Junit In Java


                   Junit In Java

JUnit is a renowned framework in Java, utilized for unit testing. It is a part of the xUnit architecture designed for unit testing frameworks. The principle JUnit advocates is “test before coding”, which focuses on setting up the test data initially for a code segment that can be tested first and then executed.

JUnit comes with a host of key features:

  1. Assertions: They are employed to check the anticipated results. Primarily, they are utilized in unit testing and are usually viewed as the actual examination within the testing method.

  2. Test Suites: If multiple test classes are present, they can be amalgamated into a test suite. Executing this suite will run all the test methods across all the classes.

  3. Test Runners: They are employed to execute the test cases.

  4. Annotations: JUnit provides a set of annotations which are beneficial for the configuration, execution, and teardown of test cases.

The most frequently used annotations are:

  • @Test: It notifies JUnit that the public void method it’s attached to can be executed as a test case.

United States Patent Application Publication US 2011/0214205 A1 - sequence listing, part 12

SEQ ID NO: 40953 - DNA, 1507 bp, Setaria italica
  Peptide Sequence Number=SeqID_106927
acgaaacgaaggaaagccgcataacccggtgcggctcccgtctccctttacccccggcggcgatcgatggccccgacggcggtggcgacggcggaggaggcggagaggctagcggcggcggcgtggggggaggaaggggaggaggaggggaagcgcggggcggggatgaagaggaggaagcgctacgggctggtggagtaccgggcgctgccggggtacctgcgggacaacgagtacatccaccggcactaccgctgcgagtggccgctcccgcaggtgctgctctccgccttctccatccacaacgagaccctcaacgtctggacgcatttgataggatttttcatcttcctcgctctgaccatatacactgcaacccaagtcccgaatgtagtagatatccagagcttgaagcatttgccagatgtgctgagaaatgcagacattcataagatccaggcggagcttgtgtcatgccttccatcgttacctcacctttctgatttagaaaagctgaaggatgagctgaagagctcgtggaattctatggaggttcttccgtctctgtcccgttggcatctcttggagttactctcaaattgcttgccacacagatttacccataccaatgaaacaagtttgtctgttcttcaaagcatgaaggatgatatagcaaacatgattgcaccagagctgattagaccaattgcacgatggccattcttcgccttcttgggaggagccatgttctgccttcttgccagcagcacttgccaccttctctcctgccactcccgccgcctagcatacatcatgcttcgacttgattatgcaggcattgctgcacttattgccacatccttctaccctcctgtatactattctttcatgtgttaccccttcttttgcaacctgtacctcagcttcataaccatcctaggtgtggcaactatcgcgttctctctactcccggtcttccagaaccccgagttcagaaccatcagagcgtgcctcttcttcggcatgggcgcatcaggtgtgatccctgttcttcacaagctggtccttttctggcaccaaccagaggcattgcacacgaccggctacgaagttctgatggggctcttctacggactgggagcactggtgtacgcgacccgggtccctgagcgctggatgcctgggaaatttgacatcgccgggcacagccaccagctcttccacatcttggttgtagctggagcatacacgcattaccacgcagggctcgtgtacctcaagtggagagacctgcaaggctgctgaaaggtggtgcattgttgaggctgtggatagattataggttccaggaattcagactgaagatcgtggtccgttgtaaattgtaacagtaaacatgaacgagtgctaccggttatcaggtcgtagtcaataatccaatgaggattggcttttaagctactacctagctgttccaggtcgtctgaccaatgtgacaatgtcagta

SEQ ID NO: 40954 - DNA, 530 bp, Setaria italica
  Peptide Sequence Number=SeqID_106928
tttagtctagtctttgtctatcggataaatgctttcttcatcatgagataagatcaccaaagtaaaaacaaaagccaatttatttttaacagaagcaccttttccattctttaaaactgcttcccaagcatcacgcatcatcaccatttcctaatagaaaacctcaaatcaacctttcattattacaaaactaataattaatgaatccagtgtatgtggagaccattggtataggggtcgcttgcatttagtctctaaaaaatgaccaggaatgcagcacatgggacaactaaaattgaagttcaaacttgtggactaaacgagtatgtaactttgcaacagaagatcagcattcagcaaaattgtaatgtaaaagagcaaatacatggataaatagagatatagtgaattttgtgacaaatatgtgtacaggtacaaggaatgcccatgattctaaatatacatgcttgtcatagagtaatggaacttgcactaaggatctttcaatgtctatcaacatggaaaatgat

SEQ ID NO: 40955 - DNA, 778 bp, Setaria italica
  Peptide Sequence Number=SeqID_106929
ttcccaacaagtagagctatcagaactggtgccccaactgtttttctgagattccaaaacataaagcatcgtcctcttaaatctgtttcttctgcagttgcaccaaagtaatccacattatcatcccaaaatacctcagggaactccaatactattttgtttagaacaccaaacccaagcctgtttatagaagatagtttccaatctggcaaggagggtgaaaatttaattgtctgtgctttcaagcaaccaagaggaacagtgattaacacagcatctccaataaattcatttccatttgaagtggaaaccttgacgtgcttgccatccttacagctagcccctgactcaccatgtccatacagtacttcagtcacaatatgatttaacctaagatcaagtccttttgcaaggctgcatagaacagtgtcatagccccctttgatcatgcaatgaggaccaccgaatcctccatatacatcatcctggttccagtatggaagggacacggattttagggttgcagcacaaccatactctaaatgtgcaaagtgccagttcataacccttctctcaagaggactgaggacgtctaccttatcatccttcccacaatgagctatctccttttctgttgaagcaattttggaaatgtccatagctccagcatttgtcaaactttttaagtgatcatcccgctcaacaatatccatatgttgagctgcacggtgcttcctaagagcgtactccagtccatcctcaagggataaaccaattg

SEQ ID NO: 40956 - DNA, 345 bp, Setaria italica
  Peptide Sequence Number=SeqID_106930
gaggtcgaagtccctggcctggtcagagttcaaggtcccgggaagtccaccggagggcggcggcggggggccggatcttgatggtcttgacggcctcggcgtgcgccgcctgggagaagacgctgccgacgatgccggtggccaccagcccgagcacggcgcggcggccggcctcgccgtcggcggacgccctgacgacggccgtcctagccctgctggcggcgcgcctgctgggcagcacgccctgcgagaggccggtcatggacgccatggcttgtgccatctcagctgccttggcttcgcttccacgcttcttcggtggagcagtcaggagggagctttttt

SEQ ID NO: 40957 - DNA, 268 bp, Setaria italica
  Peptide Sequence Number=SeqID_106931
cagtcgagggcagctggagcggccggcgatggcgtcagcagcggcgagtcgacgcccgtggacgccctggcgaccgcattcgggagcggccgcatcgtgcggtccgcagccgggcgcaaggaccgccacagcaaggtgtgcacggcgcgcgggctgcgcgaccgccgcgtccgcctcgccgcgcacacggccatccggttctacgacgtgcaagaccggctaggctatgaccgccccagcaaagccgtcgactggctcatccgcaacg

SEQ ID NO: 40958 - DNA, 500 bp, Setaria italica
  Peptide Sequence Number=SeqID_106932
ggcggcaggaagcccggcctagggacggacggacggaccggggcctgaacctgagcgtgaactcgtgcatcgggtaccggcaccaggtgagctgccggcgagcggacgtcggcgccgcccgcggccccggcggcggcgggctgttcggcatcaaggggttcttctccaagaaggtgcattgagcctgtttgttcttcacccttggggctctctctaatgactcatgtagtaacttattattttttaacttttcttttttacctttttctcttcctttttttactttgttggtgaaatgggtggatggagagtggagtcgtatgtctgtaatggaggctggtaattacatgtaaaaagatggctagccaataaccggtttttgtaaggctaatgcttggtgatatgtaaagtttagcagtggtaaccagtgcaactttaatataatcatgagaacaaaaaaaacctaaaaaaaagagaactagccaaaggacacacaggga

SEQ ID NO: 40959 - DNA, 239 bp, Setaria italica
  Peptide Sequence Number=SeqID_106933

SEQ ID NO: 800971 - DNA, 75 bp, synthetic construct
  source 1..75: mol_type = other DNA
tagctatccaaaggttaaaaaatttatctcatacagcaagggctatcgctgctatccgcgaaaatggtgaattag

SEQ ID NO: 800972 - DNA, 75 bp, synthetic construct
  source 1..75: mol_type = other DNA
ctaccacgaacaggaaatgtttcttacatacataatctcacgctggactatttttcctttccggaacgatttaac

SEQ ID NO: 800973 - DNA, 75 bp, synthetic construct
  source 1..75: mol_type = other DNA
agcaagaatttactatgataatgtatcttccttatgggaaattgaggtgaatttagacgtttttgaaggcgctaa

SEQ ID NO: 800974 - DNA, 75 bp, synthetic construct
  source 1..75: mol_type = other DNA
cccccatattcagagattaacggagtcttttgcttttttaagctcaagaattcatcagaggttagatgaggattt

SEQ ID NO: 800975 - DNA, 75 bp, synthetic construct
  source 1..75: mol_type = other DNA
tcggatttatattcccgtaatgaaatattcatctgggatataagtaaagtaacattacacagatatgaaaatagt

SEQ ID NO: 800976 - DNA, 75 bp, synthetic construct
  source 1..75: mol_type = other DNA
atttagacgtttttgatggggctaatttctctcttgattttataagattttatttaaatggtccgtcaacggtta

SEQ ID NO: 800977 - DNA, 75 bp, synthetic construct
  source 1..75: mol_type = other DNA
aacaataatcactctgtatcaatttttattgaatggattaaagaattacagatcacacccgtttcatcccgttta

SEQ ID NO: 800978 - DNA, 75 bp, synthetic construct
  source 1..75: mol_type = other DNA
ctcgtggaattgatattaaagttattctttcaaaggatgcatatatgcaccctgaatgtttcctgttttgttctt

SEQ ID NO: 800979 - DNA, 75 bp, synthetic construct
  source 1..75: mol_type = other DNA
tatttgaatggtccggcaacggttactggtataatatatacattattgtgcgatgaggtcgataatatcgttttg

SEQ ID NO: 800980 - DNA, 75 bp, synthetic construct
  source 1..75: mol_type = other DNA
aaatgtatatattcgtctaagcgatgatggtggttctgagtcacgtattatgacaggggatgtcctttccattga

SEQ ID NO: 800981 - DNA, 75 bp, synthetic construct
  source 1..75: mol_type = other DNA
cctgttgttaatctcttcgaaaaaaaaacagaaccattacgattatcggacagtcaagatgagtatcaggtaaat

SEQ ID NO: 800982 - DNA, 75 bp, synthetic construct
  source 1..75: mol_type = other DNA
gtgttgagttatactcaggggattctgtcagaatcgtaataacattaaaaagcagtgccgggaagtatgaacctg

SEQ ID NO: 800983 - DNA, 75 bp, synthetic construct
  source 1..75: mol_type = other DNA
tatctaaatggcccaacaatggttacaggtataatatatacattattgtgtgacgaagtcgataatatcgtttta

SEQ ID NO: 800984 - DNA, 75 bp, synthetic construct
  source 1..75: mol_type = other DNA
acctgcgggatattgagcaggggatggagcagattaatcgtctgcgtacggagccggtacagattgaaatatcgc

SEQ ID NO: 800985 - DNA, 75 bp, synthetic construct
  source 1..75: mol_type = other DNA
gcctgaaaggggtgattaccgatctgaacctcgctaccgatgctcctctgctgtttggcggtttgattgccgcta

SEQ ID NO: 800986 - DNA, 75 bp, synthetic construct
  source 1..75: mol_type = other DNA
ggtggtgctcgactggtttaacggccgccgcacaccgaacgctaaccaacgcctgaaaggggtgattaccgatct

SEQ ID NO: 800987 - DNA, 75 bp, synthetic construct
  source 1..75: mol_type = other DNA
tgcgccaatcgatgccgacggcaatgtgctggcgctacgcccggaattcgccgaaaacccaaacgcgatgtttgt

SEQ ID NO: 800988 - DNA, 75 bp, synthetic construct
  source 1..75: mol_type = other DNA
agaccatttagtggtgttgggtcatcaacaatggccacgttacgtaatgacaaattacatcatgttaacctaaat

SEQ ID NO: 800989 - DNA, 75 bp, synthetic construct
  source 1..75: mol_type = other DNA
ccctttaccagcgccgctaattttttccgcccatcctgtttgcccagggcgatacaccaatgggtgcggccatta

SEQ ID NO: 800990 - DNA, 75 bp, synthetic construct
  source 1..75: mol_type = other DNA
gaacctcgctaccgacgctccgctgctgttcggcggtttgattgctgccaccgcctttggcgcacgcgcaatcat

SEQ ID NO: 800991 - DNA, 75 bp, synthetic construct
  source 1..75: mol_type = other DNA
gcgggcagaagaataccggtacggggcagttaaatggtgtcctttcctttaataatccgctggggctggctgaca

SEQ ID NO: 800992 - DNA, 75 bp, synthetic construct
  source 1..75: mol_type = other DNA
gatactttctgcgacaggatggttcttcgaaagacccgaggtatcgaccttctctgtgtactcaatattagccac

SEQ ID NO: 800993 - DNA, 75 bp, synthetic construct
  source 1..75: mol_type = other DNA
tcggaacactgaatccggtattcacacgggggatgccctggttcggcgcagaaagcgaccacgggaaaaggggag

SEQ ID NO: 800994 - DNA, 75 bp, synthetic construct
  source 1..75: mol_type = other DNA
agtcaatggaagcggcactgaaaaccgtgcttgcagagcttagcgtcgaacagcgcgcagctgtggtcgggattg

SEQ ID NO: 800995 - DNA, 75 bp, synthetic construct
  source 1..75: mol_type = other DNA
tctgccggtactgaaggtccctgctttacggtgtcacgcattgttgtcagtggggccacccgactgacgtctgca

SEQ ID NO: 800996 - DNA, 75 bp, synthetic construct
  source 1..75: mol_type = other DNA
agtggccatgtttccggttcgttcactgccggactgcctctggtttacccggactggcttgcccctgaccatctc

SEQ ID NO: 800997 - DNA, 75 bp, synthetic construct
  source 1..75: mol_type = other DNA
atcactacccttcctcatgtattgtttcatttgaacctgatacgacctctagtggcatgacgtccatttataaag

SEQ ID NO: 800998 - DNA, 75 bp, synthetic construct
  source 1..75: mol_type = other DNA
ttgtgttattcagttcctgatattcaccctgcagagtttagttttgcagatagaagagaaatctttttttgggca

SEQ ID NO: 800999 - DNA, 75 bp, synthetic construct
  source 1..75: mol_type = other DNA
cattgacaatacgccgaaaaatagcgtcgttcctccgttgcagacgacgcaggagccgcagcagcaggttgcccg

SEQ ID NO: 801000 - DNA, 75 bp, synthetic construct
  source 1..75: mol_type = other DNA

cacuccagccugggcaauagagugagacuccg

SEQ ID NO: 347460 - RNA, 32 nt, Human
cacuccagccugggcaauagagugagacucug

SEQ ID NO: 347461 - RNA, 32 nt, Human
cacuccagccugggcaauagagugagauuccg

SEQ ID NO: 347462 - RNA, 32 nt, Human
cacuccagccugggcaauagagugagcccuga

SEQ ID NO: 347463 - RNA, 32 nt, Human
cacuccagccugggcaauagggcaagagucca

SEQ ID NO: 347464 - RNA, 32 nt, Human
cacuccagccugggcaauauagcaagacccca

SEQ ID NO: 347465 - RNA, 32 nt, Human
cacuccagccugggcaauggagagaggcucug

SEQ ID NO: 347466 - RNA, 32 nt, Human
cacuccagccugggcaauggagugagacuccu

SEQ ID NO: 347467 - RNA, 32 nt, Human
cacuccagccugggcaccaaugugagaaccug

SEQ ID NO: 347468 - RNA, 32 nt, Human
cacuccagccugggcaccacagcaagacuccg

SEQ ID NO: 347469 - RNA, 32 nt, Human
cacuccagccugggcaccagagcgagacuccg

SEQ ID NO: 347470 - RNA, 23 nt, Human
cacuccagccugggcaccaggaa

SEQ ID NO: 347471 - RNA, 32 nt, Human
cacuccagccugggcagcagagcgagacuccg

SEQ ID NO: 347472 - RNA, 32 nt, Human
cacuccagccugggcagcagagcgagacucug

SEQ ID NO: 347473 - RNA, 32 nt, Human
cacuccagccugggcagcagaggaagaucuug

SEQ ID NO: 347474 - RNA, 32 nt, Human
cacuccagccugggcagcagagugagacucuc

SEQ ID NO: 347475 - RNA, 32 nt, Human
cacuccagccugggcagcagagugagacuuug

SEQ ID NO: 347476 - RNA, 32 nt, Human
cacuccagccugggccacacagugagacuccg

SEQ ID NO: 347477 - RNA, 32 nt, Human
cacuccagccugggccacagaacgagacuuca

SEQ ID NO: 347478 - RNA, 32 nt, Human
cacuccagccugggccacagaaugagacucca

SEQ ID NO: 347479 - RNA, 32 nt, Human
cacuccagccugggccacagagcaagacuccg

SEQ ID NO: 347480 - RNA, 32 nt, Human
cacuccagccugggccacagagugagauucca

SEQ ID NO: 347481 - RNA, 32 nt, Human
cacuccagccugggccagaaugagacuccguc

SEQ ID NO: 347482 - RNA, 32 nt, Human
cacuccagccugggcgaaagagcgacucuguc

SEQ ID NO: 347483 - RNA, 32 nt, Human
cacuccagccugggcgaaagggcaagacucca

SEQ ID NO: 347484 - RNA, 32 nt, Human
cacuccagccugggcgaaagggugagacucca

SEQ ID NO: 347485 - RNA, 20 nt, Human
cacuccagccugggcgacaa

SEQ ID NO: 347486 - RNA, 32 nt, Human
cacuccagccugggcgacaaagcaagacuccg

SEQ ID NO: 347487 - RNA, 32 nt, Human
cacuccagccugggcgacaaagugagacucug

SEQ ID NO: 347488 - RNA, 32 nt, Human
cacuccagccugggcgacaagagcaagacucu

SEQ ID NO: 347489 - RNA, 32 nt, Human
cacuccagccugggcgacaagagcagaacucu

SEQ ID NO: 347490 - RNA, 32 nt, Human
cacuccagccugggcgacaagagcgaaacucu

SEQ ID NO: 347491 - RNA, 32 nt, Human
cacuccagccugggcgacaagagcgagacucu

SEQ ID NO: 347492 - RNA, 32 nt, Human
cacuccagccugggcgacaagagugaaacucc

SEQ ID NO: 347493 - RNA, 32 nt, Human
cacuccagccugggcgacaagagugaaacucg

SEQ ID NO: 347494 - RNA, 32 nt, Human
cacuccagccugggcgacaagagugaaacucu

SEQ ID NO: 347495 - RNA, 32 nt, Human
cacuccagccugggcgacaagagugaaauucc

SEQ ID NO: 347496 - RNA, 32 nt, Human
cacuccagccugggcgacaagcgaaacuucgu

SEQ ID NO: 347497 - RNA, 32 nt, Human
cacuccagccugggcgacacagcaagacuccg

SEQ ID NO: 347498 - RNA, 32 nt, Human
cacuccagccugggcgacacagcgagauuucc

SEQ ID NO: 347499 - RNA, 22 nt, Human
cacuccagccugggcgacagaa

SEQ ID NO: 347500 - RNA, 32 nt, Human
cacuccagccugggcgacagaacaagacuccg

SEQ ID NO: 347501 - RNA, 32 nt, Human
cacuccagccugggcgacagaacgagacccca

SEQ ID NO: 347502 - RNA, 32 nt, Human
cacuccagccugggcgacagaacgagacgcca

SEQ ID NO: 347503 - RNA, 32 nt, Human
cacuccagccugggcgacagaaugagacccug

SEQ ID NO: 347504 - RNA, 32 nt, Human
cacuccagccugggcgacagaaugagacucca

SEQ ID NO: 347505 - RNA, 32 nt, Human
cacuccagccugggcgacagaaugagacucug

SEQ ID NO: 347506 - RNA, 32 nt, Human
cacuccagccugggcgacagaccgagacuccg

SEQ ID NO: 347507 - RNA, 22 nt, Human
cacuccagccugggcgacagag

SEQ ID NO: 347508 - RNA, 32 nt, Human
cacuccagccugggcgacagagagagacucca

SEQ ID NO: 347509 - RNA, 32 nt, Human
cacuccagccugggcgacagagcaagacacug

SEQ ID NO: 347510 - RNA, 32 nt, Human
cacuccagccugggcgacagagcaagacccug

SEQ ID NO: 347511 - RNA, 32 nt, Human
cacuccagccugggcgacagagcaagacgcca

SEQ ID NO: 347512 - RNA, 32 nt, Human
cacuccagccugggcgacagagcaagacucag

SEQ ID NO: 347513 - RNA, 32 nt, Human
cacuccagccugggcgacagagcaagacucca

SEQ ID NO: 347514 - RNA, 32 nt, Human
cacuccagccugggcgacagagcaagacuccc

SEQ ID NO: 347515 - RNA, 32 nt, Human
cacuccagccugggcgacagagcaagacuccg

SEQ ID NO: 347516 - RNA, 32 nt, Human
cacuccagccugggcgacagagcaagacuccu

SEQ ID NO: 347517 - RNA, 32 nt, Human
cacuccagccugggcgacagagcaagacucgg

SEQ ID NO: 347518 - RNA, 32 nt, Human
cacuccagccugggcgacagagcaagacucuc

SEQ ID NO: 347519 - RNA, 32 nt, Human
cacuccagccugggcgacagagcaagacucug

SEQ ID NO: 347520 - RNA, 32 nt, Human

• @Before: It is used to set up the testing environment before every test.

  • @After: It is used to clean up the test environment after every test.

  • @BeforeClass: It is performed once before any of the test methods in the class are run. It’s typically used for one-time setups, such as database connections.

  • @AfterClass: It is performed once after all the tests in the class have been run. It’s usually used for one-time teardowns, such as database disconnections.

  • @Ignore: It’s used to bypass the test and not execute it.

Here’s an example of a simple JUnit test:


import org.junit.*;

public class BasicTest {
public void testSum() {
int x = 5;
int y = 10;
int sum = x + y;
Assert.assertEquals(15, sum);

In this test, the @Test annotation notifies JUnit that testSum() is a test case. Within this test case, we use an assertion to verify if the outcome of the sum operation is as predicted.

It’s crucial to import the required JUnit classes at the beginning of your test class. For the above instance, we need to import org.junit.*.

Demo Day 1 Video:

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